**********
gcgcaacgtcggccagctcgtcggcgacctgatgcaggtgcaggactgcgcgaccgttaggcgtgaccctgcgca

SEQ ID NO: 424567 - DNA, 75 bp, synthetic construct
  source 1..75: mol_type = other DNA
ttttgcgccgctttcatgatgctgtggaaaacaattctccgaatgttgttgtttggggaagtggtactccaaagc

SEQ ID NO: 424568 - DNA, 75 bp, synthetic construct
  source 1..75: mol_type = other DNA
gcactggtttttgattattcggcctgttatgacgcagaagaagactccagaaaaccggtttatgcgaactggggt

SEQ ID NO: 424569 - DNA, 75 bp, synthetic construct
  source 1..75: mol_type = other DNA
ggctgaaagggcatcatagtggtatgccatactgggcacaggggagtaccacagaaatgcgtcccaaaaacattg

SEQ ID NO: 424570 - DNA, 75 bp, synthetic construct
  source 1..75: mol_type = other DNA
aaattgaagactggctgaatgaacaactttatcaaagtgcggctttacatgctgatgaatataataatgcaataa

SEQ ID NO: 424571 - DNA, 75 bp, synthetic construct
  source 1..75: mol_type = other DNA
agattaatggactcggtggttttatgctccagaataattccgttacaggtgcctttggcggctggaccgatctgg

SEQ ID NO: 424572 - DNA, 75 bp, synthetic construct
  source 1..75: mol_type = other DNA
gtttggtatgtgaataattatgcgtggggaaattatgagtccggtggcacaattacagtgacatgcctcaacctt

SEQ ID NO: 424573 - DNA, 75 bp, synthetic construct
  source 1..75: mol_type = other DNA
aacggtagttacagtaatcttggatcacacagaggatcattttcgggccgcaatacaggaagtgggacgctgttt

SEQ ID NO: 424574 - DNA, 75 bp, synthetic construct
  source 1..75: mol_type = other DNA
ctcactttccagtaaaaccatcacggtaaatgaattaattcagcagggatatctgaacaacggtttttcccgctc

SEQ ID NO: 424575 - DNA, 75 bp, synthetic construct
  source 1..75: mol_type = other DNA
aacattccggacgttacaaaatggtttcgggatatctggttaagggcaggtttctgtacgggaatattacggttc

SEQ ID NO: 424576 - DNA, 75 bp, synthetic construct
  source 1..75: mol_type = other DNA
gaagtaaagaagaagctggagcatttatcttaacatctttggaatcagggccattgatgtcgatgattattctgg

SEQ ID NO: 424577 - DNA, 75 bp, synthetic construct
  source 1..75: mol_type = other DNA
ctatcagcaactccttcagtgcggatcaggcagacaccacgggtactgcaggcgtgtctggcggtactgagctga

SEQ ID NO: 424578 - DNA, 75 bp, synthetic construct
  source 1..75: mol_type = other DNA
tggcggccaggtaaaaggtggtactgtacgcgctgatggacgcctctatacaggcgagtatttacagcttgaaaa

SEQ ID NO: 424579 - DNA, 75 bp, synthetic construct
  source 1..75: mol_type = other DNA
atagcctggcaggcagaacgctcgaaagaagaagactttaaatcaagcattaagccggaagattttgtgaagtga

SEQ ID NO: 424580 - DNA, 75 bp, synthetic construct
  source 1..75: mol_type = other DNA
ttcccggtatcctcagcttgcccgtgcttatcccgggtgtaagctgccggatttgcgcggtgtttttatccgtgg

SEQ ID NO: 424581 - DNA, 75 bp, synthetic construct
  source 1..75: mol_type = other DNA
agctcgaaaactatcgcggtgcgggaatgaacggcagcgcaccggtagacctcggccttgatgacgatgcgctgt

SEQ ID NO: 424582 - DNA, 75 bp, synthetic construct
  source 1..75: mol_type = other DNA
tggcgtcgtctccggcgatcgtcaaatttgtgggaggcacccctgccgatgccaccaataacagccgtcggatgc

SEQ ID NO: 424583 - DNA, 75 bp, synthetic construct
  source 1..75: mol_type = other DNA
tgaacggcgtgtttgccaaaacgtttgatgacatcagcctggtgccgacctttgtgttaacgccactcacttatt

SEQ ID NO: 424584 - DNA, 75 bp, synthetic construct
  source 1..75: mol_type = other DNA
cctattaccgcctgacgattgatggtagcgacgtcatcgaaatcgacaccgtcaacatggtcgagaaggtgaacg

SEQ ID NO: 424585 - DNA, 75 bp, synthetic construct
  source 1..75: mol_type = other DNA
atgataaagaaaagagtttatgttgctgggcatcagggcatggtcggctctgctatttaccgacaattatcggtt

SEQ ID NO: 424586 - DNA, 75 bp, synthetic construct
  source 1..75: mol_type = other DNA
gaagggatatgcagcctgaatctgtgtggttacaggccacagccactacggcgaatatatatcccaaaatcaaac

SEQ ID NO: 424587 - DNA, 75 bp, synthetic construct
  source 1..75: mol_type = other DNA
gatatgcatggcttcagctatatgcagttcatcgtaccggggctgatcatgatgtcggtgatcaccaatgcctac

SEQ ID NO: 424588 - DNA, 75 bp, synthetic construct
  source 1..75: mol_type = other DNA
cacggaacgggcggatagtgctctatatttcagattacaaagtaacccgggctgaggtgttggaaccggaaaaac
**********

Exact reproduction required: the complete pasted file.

gcgcaacgtcggccagctcgtcggcgacctgatgcaggtgcaggactgcgcgaccgttaggcgtgaccctgcgca

SEQ ID NO: 424567 - DNA, 75 bp, synthetic construct
  source 1..75: mol_type = other DNA
ttttgcgccgctttcatgatgctgtggaaaacaattctccgaatgttgttgtttggggaagtggtactccaaagc

SEQ ID NO: 424568 - DNA, 75 bp, synthetic construct
  source 1..75: mol_type = other DNA
gcactggtttttgattattcggcctgttatgacgcagaagaagactccagaaaaccggtttatgcgaactggggt

SEQ ID NO: 424569 - DNA, 75 bp, synthetic construct
  source 1..75: mol_type = other DNA
ggctgaaagggcatcatagtggtatgccatactgggcacaggggagtaccacagaaatgcgtcccaaaaacattg

SEQ ID NO: 424570 - DNA, 75 bp, synthetic construct
  source 1..75: mol_type = other DNA
aaattgaagactggctgaatgaacaactttatcaaagtgcggctttacatgctgatgaatataataatgcaataa

SEQ ID NO: 424571 - DNA, 75 bp, synthetic construct
  source 1..75: mol_type = other DNA
agattaatggactcggtggttttatgctccagaataattccgttacaggtgcctttggcggctggaccgatctgg

SEQ ID NO: 424572 - DNA, 75 bp, synthetic construct
  source 1..75: mol_type = other DNA
gtttggtatgtgaataattatgcgtggggaaattatgagtccggtggcacaattacagtgacatgcctcaacctt

SEQ ID NO: 424573 - DNA, 75 bp, synthetic construct
  source 1..75: mol_type = other DNA
aacggtagttacagtaatcttggatcacacagaggatcattttcgggccgcaatacaggaagtgggacgctgttt

SEQ ID NO: 424574 - DNA, 75 bp, synthetic construct
  source 1..75: mol_type = other DNA
ctcactttccagtaaaaccatcacggtaaatgaattaattcagcagggatatctgaacaacggtttttcccgctc

SEQ ID NO: 424575 - DNA, 75 bp, synthetic construct
  source 1..75: mol_type = other DNA
aacattccggacgttacaaaatggtttcgggatatctggttaagggcaggtttctgtacgggaatattacggttc

SEQ ID NO: 424576 - DNA, 75 bp, synthetic construct
  source 1..75: mol_type = other DNA
gaagtaaagaagaagctggagcatttatcttaacatctttggaatcagggccattgatgtcgatgattattctgg

SEQ ID NO: 424577 - DNA, 75 bp, synthetic construct
  source 1..75: mol_type = other DNA
ctatcagcaactccttcagtgcggatcaggcagacaccacgggtactgcaggcgtgtctggcggtactgagctga

SEQ ID NO: 424578 - DNA, 75 bp, synthetic construct
  source 1..75: mol_type = other DNA
tggcggccaggtaaaaggtggtactgtacgcgctgatggacgcctctatacaggcgagtatttacagcttgaaaa

SEQ ID NO: 424579 - DNA, 75 bp, synthetic construct
  source 1..75: mol_type = other DNA
atagcctggcaggcagaacgctcgaaagaagaagactttaaatcaagcattaagccggaagattttgtgaagtga

SEQ ID NO: 424580 - DNA, 75 bp, synthetic construct
  source 1..75: mol_type = other DNA
ttcccggtatcctcagcttgcccgtgcttatcccgggtgtaagctgccggatttgcgcggtgtttttatccgtgg

SEQ ID NO: 424581 - DNA, 75 bp, synthetic construct
  source 1..75: mol_type = other DNA
agctcgaaaactatcgcggtgcgggaatgaacggcagcgcaccggtagacctcggccttgatgacgatgcgctgt

SEQ ID NO: 424582 - DNA, 75 bp, synthetic construct
  source 1..75: mol_type = other DNA
tggcgtcgtctccggcgatcgtcaaatttgtgggaggcacccctgccgatgccaccaataacagccgtcggatgc

SEQ ID NO: 424583 - DNA, 75 bp, synthetic construct
  source 1..75: mol_type = other DNA
tgaacggcgtgtttgccaaaacgtttgatgacatcagcctggtgccgacctttgtgttaacgccactcacttatt

SEQ ID NO: 424584 - DNA, 75 bp, synthetic construct
  source 1..75: mol_type = other DNA
cctattaccgcctgacgattgatggtagcgacgtcatcgaaatcgacaccgtcaacatggtcgagaaggtgaacg

SEQ ID NO: 424585 - DNA, 75 bp, synthetic construct
  source 1..75: mol_type = other DNA
atgataaagaaaagagtttatgttgctgggcatcagggcatggtcggctctgctatttaccgacaattatcggtt

SEQ ID NO: 424586 - DNA, 75 bp, synthetic construct
  source 1..75: mol_type = other DNA
gaagggatatgcagcctgaatctgtgtggttacaggccacagccactacggcgaatatatatcccaaaatcaaac

SEQ ID NO: 424587 - DNA, 75 bp, synthetic construct
  source 1..75: mol_type = other DNA
gatatgcatggcttcagctatatgcagttcatcgtaccggggctgatcatgatgtcggtgatcaccaatgcctac

SEQ ID NO: 424588 - DNA, 75 bp, synthetic construct
  source 1..75: mol_type = other DNA
cacggaacgggcggatagtgctctatatttcagattacaaagtaacccgggctgaggtgttggaaccggaaaaac